Adrian Slatcher writes poetry, fiction and criticism, and lives in Manchester.
Its the shortest day, which means its National Short Story Day, and here’s one I wrote a few years ago, which maps the characters life against the albums of David Bowie, I hope you enjoy.
1. The World of David Bowie (Collected early recordings) (1968)
My name is David Jones. I read the Daily Express because my father has had it delivered since before the beginning of time and reading between the lines of all the stuff that he reads, I can tell there’s a revolution going on. My father mutters about Hippies the way he used to about Socialists. I can see the pictures and if I balance my portable radio at a certain angle I can catch Radio Luxembourg which is still better than Radio One, though I like John Peel’s Perfumed Garden, and hear the songs that make here, where I live, seem another planet. I have to get out. My mother makes us all eat dinner at the same time every night. There is nowhere to go. My father wants to set me up with an apprenticeship. He thinks I might make a passable draughtsman if I “get a proper haircut” and stop drawing from “that dangerous imagination of yours.” Something makes me want to go and study an art foundation course in Birmingham but I might as well ask to be put forward for the next Apollo mission. My father and I have one bridge between us: for an hour a week we are sat down watching “Civilisation” together. Neither of us say a word, but Kenneth Clarke is as close as we have to a mutual friend. But this isn’t civilisation; this is the suburbs.
2. Space Oddity (1969)
There’s a man on the moon and I’m watching it happen over egg and chips. My egg is the sun, the chips are the stars, a piece of white bread is the Apollo mission pod and this dollop of ketchup means Blast! something has gone terribly wrong and Buzz and Neil and the rest are all turned technicolor. On the television though everything is going to plan. “They’re probably filming it on a movie set in Hollywood,” my father grumpily suggests. I keep schtum. Until it’s in the Daily Express he won’t believe a word of it, certainly not something he’s seen on the Gogglebox. My mother is saying “stop playing with your food,” and “tug your tie in to your shirt if you want to keep it out of the egg.” She likes it now I’m at work. There’s a whole new list of rules and regulations that she can insist that I follow. The kitchen door doesn’t do much to hold out the smell and the sweat and the steam of the cooking; and I can almost taste the sickly smell of boiled over milk. My mother is looking at my hands. “What?” I say. “You can go wash them,” she says, “I’m not having you at the table looking like that.” I expect to see them covered in blood, but no, its the inky imprint of a day lurched over the draughtboard. Each step up the stairs to the bathroom makes Neil Armstrong’s small step seem small and insignificant. I wonder. Is this it? Is. This. It.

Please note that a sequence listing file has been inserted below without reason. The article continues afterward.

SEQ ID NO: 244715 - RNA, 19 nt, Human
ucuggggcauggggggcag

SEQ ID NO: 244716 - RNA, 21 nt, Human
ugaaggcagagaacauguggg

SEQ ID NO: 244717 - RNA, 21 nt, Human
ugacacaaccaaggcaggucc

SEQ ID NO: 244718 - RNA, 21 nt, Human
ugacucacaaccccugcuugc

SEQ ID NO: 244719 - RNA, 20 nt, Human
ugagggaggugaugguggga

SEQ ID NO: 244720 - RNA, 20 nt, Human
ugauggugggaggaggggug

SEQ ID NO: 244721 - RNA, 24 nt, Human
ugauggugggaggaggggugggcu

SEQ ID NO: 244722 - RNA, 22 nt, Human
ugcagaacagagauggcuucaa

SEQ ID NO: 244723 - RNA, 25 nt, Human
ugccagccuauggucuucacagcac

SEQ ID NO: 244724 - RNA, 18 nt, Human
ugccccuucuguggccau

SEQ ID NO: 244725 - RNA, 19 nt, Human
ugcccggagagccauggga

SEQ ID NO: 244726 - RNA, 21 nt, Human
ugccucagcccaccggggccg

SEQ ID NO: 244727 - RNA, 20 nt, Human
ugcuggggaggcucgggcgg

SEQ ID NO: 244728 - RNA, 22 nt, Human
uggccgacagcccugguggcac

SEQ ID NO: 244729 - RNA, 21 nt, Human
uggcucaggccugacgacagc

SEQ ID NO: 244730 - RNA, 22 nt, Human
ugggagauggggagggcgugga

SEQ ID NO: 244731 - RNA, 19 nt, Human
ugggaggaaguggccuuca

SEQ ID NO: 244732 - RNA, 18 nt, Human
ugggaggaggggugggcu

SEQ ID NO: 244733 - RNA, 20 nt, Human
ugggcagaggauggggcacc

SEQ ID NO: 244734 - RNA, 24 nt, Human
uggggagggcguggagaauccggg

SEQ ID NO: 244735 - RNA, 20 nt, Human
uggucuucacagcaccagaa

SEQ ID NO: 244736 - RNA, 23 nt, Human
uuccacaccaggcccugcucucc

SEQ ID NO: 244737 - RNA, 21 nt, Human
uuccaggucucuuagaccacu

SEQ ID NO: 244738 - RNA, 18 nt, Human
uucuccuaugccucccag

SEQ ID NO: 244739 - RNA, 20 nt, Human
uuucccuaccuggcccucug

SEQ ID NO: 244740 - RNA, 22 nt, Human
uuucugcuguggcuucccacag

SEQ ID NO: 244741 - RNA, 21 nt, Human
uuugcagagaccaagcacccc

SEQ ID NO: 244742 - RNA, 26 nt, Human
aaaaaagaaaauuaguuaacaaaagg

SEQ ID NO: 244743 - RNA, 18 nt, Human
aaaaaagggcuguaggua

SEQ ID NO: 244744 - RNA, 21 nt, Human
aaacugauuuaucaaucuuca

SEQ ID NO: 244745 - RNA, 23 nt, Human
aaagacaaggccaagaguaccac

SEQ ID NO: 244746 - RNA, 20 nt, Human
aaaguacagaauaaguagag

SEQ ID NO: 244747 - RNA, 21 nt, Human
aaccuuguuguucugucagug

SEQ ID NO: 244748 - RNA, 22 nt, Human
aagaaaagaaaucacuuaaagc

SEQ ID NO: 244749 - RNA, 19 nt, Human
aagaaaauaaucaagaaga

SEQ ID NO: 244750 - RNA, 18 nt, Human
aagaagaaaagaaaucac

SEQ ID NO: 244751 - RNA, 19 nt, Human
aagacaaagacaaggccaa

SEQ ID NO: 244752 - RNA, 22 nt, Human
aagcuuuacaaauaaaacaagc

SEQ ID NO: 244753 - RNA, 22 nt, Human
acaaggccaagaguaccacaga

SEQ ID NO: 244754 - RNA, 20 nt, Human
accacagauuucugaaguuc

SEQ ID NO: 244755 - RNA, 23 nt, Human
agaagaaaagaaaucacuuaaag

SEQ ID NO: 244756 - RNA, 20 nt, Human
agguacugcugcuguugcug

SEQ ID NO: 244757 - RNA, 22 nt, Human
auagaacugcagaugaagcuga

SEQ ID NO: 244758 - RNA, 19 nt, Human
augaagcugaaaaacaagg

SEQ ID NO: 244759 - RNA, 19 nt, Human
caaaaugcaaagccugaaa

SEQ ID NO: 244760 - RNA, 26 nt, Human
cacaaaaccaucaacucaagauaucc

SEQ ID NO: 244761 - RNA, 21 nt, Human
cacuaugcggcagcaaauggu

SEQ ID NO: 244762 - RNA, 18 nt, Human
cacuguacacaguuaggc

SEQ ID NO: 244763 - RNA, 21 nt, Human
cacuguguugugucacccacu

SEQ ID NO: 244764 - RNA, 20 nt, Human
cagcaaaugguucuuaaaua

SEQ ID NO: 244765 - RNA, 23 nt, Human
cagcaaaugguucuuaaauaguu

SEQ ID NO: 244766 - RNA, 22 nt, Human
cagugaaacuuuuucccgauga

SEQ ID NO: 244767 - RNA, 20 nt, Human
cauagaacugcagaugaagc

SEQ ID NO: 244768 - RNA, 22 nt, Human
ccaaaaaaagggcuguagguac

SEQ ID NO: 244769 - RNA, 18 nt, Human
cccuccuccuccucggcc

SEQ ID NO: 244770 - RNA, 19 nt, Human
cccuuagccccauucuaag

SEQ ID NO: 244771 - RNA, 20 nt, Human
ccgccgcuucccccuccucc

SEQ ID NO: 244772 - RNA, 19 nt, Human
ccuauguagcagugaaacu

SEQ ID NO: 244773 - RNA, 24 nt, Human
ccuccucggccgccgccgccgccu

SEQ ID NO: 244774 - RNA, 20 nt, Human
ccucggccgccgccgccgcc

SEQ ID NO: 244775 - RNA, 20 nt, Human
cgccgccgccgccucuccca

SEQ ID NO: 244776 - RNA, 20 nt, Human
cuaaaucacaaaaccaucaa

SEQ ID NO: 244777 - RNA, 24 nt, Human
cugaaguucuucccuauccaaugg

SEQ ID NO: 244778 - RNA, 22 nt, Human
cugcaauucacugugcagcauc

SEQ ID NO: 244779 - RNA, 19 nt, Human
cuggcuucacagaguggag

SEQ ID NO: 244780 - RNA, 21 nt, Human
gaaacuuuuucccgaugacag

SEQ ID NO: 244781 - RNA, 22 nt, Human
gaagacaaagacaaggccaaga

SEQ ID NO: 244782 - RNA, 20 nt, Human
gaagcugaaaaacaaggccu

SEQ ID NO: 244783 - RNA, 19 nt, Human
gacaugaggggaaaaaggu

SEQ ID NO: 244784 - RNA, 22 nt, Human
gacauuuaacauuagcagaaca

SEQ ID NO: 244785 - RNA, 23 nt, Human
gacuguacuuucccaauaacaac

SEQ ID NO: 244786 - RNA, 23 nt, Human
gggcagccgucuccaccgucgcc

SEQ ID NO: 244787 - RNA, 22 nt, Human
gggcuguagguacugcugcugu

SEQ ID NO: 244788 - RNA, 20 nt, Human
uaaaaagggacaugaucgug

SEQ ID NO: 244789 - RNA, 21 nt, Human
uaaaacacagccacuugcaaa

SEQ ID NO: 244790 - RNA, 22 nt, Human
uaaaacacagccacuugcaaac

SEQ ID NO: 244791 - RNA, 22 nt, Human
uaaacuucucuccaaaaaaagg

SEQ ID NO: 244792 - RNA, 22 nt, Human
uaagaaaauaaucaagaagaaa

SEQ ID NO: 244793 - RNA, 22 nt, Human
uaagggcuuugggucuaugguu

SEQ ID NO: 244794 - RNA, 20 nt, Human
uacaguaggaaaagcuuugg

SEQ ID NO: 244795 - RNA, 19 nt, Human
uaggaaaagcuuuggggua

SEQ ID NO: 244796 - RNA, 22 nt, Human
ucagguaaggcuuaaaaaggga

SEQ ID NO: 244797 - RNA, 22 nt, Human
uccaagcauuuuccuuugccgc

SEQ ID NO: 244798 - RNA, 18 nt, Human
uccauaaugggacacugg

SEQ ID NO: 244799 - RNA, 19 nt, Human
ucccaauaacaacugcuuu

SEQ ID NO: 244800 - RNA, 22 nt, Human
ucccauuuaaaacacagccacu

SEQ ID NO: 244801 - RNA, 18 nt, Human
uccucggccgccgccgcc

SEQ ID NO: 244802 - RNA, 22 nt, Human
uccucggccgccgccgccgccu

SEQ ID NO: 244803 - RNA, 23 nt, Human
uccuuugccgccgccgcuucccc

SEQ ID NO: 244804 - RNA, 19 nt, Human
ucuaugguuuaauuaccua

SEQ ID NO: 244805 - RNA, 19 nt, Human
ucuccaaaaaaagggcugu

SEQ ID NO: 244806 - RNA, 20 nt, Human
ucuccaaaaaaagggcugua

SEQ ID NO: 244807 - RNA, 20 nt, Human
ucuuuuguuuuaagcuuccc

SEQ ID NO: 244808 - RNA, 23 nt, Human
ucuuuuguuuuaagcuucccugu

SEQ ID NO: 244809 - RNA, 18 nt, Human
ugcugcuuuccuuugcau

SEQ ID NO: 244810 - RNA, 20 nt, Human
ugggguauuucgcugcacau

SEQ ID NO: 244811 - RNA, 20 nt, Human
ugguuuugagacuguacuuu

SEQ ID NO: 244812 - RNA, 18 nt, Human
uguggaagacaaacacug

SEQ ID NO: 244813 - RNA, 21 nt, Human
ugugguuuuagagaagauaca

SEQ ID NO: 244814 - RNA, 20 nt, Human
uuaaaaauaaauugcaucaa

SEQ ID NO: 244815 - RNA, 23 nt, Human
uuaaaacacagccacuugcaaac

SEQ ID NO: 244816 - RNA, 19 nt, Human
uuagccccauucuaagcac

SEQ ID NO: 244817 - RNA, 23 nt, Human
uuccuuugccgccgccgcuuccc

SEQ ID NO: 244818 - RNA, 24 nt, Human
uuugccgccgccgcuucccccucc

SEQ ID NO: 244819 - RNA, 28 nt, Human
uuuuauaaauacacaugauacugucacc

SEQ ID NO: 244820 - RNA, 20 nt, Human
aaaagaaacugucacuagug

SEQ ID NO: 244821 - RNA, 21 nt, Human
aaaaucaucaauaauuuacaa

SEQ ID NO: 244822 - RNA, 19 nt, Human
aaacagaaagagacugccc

3. The Man Who Sold the World (1970)
The catastrophic weather this year hasn’t helped. I feel dark and low and depressed, but my wages have gone up a little. We are keeping in line with the Union rates. For the first time I have a little money in my pocket. I do the sums, and work out it will be easier to go into digs. I replace my mother and father with an Irish woman in Selly Oak, called Mrs. O’Grady. She doubles the size of the meals put before me, and doesn’t give me any gyp about my tie. Every night there’s a couple of bottles of stout provided for me, “to keep off the winter cold.” It is dark and damp and if I wasn’t so tired from the long hours of my apprenticeship and the examinations, I would have the time to be very lonely. Our practice is merging with a larger one, in modern offices above the Bull Ring. Each morning I will be able to look out over the wide expanse of the second city and see…nothing but the grime already silting up the outside panes. I listen to some of the new heavy music through my transistor in frustrating mono; go down to Villa Park every second Saturday; check every evening that my tickets for the Who at Bingley Hall are still there in the top drawer.
4. Hunky Dory (1971)